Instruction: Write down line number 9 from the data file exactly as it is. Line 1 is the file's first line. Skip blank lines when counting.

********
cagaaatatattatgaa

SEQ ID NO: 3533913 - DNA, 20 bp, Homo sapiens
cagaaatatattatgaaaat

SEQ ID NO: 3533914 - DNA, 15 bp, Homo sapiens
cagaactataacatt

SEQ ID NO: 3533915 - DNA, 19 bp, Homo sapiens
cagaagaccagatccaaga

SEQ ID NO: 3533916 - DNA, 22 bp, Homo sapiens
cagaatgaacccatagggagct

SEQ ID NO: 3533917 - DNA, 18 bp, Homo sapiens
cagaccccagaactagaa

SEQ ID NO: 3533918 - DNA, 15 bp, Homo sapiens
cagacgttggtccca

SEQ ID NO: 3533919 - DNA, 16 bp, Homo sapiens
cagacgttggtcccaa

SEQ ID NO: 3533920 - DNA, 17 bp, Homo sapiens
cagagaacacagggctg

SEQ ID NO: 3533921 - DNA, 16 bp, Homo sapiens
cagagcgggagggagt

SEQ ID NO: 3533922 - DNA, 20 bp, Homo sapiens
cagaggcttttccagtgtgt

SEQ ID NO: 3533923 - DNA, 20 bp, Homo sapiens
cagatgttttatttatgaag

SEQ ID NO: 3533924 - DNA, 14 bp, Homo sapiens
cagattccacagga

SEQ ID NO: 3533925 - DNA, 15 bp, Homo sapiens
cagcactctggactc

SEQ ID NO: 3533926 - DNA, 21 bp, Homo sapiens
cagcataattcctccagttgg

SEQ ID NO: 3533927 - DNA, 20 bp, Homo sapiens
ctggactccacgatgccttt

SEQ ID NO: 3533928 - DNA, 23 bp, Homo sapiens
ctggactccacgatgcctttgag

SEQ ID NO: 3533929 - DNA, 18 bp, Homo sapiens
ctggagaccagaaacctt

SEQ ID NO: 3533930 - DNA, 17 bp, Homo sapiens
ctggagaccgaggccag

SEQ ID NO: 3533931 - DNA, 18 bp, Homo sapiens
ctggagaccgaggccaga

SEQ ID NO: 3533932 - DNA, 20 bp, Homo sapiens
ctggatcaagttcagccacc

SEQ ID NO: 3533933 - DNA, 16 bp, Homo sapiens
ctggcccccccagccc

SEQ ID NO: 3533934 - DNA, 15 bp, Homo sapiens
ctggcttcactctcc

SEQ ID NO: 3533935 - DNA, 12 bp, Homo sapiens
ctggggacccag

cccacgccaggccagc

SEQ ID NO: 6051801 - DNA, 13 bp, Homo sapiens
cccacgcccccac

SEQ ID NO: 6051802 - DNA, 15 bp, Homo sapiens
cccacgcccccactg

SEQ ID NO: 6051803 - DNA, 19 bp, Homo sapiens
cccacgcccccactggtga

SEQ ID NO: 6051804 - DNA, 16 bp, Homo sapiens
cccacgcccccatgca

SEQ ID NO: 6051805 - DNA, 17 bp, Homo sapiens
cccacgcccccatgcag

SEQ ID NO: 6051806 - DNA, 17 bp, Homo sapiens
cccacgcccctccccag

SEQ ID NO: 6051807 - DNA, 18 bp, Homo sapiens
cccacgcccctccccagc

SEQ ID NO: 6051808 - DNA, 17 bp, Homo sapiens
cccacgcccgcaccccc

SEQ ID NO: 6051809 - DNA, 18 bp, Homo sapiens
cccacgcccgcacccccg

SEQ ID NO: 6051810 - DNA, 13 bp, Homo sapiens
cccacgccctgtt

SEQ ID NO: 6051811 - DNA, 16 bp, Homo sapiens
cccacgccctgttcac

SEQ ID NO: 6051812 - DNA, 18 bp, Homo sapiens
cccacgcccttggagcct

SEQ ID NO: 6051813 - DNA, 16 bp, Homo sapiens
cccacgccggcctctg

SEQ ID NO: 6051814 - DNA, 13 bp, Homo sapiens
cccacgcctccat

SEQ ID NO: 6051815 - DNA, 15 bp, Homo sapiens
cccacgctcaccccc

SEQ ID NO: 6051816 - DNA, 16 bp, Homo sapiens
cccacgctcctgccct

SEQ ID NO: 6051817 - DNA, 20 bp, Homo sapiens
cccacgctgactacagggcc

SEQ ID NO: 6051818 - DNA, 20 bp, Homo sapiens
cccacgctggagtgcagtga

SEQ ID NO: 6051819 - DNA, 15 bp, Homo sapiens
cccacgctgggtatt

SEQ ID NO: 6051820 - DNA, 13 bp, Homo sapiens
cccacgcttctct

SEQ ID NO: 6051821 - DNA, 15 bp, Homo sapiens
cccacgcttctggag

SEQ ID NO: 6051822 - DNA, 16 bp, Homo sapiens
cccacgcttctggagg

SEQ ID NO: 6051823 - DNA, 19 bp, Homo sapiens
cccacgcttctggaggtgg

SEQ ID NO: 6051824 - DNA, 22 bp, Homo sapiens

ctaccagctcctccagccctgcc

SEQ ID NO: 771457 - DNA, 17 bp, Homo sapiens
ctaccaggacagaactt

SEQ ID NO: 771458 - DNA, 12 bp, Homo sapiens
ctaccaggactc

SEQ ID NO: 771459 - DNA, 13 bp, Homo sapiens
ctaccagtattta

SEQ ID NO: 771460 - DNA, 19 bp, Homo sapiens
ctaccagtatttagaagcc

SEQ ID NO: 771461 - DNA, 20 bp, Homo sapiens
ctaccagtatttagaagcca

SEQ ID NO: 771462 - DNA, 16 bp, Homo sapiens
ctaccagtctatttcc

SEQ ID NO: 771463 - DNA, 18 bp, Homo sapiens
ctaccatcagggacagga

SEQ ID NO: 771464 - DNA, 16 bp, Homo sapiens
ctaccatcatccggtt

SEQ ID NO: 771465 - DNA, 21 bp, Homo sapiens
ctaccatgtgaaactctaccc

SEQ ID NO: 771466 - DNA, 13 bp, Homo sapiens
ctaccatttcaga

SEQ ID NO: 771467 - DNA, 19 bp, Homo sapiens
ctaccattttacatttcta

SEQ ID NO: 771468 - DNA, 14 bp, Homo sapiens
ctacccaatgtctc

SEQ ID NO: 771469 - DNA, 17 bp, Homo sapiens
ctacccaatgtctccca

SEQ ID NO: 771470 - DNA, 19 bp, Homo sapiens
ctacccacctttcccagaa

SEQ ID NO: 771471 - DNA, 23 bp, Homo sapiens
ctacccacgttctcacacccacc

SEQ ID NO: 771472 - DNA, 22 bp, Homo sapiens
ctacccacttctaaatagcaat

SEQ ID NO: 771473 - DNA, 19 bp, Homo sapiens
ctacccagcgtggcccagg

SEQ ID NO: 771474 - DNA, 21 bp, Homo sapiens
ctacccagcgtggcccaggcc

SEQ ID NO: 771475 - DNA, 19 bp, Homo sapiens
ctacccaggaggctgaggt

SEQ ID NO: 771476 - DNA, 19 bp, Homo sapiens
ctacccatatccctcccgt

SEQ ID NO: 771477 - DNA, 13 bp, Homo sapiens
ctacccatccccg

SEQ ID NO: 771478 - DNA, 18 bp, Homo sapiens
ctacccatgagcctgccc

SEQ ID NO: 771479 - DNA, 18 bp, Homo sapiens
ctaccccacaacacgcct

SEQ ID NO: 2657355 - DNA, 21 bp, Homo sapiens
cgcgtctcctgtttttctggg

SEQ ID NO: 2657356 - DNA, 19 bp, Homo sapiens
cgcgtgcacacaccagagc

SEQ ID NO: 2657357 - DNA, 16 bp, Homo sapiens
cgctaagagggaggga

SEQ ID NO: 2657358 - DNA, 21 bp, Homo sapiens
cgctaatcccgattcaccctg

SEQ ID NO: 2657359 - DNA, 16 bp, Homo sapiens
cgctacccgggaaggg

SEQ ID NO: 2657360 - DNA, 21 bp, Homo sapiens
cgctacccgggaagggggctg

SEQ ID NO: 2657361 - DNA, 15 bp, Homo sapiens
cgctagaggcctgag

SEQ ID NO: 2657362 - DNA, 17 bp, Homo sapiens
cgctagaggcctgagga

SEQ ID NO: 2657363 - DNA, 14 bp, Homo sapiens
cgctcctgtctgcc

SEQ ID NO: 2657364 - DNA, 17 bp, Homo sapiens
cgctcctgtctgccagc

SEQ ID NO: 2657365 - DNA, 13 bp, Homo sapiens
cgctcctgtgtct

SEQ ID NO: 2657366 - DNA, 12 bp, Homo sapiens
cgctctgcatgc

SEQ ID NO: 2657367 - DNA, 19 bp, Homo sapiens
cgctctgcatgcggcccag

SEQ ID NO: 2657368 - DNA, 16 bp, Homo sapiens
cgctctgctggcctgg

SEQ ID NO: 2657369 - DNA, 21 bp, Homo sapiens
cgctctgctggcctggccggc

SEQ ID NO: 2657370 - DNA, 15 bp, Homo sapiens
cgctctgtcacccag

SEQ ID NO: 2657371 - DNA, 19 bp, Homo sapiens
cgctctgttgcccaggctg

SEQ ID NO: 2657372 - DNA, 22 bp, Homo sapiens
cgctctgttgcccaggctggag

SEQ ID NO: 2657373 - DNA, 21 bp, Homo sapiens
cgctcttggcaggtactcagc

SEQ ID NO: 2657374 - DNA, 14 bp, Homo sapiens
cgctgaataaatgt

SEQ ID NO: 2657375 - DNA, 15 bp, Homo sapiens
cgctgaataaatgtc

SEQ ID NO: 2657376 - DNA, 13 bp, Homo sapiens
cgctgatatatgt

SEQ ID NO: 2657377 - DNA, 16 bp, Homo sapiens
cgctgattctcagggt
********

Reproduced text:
cagaatgaacccatagggagct